Though economics continue to improve for the nation’s dairy industry, Cooperatives Working Together (CWT) announced it will conduct its 10th dairy herd retirement since 2003. There were three last year; the most recent last fall.
“It is our belief that a herd retirement at this time will add to the positive momentum already building and should result in speeding up the milk price recovery already in progress,” says Jerry Kozak, president and CEO of the National Milk Producers Federation (NMPF), which manages CWT. “With beef prices very strong, and replacement cow and springer prices still relatively low, CWT has determined that it will consider bids up to, but not to exceed, $3.75/cwt. However, there is no guarantee that a producer who bids at the maximum level will be selected.”
Participating producers receive payment for 12 months worth of milk production of retired cows, as well as the beef salvage value of the cattle.
As was the case last year, CWT has no set target for the volume of milk or the number of cows to be removed in this herd retirement. “Whether CWT will remove a significant number of dairy animals will depend on the number of bids received and the price level of those bids,” Kozak says. “CWT will not pay more for cows than what they are currently worth in the marketplace.”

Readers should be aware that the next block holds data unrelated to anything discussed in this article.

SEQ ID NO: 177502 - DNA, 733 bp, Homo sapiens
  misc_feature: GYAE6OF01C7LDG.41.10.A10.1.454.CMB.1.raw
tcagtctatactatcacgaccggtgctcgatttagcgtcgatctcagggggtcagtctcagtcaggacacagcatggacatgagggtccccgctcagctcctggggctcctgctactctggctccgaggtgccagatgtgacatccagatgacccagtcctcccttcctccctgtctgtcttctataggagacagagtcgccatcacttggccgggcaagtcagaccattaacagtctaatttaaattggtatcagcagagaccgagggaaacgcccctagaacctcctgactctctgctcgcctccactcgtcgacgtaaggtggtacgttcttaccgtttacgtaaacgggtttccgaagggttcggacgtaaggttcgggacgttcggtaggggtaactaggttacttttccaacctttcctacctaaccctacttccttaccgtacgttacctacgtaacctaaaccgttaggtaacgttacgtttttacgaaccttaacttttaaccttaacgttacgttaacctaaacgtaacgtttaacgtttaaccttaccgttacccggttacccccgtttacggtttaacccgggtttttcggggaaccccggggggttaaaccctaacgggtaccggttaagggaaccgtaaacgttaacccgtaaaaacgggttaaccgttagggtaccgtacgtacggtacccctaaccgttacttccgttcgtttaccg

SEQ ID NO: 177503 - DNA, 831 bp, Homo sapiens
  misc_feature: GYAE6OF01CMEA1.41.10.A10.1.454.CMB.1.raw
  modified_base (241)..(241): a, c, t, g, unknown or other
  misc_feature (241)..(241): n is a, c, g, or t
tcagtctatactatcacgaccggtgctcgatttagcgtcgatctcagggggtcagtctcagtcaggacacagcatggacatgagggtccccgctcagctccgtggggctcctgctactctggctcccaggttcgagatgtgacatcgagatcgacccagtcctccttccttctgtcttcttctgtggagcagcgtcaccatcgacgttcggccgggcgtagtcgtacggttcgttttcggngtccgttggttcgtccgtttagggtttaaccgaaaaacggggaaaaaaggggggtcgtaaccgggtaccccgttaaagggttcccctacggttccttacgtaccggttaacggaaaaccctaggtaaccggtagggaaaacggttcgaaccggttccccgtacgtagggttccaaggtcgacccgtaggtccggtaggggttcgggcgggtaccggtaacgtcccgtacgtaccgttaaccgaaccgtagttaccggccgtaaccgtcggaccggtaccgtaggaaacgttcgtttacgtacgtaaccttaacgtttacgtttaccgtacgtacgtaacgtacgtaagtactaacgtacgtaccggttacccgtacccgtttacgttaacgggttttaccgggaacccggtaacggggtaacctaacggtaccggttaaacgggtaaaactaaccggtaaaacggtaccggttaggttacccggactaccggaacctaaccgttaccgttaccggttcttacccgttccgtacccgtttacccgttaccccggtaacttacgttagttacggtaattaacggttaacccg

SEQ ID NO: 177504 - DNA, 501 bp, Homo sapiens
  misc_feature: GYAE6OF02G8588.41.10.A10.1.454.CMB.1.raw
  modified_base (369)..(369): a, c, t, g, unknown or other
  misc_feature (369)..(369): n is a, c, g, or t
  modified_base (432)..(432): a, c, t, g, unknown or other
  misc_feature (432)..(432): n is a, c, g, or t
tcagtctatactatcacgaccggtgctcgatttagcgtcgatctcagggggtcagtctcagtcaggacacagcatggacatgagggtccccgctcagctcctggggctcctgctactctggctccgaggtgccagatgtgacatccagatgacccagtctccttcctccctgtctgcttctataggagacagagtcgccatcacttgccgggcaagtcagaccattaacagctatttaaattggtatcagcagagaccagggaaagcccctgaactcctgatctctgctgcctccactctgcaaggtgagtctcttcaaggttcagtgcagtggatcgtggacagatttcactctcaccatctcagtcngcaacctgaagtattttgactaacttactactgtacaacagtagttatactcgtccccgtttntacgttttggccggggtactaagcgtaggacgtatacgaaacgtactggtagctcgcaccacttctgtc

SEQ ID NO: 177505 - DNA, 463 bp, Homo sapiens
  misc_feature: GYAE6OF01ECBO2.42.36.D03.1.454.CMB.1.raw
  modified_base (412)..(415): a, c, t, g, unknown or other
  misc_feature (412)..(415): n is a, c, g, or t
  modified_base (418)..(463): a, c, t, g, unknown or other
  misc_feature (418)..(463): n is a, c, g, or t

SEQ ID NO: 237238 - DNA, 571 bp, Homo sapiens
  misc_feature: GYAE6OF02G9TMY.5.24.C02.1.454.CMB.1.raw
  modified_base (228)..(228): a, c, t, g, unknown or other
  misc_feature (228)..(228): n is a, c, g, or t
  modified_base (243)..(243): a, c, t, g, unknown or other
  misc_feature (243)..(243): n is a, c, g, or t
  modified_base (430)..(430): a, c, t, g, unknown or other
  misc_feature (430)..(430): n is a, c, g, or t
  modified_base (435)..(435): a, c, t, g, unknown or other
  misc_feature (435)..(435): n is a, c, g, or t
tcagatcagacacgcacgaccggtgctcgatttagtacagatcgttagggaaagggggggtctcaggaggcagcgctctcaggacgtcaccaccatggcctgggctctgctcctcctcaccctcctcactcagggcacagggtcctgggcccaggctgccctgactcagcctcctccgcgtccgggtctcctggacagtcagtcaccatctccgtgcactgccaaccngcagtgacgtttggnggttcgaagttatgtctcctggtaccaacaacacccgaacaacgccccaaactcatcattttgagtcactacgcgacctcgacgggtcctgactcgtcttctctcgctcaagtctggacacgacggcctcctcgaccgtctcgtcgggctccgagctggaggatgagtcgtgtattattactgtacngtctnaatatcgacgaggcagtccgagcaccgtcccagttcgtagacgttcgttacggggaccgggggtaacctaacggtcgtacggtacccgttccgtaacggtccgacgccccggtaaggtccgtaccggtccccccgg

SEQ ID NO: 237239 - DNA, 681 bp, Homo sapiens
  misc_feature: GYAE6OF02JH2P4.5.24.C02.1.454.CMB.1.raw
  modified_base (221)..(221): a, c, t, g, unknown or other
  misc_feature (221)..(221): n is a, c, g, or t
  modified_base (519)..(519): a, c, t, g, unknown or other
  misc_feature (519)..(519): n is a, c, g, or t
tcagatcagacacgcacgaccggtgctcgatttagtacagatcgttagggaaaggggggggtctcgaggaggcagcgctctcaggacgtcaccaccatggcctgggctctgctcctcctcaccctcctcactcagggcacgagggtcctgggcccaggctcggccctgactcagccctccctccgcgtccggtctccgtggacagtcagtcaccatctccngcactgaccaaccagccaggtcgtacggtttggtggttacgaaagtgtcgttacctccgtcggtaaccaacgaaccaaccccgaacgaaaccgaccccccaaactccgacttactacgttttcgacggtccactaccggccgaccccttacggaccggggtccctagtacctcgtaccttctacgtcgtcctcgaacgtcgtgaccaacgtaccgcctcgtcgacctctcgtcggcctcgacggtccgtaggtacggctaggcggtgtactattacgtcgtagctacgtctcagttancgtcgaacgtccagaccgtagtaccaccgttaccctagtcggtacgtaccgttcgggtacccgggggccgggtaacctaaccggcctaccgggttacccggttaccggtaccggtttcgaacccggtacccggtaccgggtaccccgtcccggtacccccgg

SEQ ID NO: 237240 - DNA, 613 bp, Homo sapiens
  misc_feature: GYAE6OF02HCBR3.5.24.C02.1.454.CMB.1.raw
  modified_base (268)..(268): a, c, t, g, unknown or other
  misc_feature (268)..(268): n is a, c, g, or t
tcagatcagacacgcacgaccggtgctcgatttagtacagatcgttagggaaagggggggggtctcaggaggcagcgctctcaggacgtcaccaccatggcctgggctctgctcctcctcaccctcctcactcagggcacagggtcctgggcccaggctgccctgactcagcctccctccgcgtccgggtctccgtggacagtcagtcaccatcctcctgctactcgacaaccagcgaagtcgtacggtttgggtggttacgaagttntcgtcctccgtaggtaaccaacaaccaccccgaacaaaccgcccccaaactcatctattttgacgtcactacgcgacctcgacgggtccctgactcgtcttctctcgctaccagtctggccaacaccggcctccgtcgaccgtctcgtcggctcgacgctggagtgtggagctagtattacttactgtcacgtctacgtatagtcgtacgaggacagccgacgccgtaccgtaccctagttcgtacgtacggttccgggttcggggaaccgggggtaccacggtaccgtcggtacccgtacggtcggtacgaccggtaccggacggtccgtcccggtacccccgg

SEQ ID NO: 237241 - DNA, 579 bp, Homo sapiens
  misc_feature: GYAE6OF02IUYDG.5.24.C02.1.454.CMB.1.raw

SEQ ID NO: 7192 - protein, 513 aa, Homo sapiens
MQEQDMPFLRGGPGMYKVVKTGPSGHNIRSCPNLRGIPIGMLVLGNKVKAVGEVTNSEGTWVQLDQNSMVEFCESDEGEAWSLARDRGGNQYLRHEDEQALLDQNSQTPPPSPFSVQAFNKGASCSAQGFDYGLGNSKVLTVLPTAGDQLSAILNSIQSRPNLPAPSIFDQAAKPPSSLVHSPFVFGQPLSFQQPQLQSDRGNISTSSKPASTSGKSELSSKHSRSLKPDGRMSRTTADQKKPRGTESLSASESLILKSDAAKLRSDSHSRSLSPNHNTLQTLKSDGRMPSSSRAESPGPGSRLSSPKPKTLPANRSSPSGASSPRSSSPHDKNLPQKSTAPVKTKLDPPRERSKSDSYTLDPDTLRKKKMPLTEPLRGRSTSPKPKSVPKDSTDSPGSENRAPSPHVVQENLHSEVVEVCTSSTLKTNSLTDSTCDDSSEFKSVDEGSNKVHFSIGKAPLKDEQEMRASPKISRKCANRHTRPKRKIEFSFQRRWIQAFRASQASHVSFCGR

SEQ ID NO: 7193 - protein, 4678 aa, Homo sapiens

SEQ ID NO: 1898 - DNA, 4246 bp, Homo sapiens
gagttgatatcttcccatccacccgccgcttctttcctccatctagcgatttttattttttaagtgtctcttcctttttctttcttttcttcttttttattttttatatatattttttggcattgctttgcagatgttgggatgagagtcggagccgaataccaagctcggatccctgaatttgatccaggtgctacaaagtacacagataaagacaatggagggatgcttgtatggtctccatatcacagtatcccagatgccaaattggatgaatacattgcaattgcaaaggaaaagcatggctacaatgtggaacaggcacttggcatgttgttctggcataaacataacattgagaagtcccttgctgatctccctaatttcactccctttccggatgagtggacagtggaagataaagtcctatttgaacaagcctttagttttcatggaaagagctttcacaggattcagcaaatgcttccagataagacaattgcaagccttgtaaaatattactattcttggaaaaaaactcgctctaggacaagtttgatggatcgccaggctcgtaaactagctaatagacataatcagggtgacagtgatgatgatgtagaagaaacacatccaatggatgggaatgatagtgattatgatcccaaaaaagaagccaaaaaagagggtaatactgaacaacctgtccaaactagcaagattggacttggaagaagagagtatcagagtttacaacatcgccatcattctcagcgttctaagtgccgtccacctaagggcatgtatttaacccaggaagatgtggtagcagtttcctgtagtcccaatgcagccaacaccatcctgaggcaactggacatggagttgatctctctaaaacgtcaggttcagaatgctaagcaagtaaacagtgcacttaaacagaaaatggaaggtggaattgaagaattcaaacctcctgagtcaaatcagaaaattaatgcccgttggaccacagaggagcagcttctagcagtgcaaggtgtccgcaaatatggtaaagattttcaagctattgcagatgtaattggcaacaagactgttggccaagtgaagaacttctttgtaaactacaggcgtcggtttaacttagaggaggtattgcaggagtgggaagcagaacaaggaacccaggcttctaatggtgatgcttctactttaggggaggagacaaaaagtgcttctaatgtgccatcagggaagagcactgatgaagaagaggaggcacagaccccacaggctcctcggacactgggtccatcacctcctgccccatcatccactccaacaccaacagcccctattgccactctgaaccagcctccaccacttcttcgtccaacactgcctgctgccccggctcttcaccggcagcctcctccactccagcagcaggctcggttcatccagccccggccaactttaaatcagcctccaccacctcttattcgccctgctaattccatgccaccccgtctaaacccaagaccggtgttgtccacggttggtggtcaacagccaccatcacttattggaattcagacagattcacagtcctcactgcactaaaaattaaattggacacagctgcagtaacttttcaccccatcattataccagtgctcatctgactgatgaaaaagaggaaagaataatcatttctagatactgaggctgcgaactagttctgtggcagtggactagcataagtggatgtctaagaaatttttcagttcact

The cutoff date for producers to submit bids this time around is June 25. So, chances are cattle accepted into the program will head to market in mid to late summer.
Best as we can tell with our abacus and from previous CWT news releases, approximately 200,000 cows were retired last year, accounting for upwards of 4 billion lbs. of annual milk production. Counting another retirement in late 2008, that’s approximately 250,000 cows and 5 billion lbs. of milk production.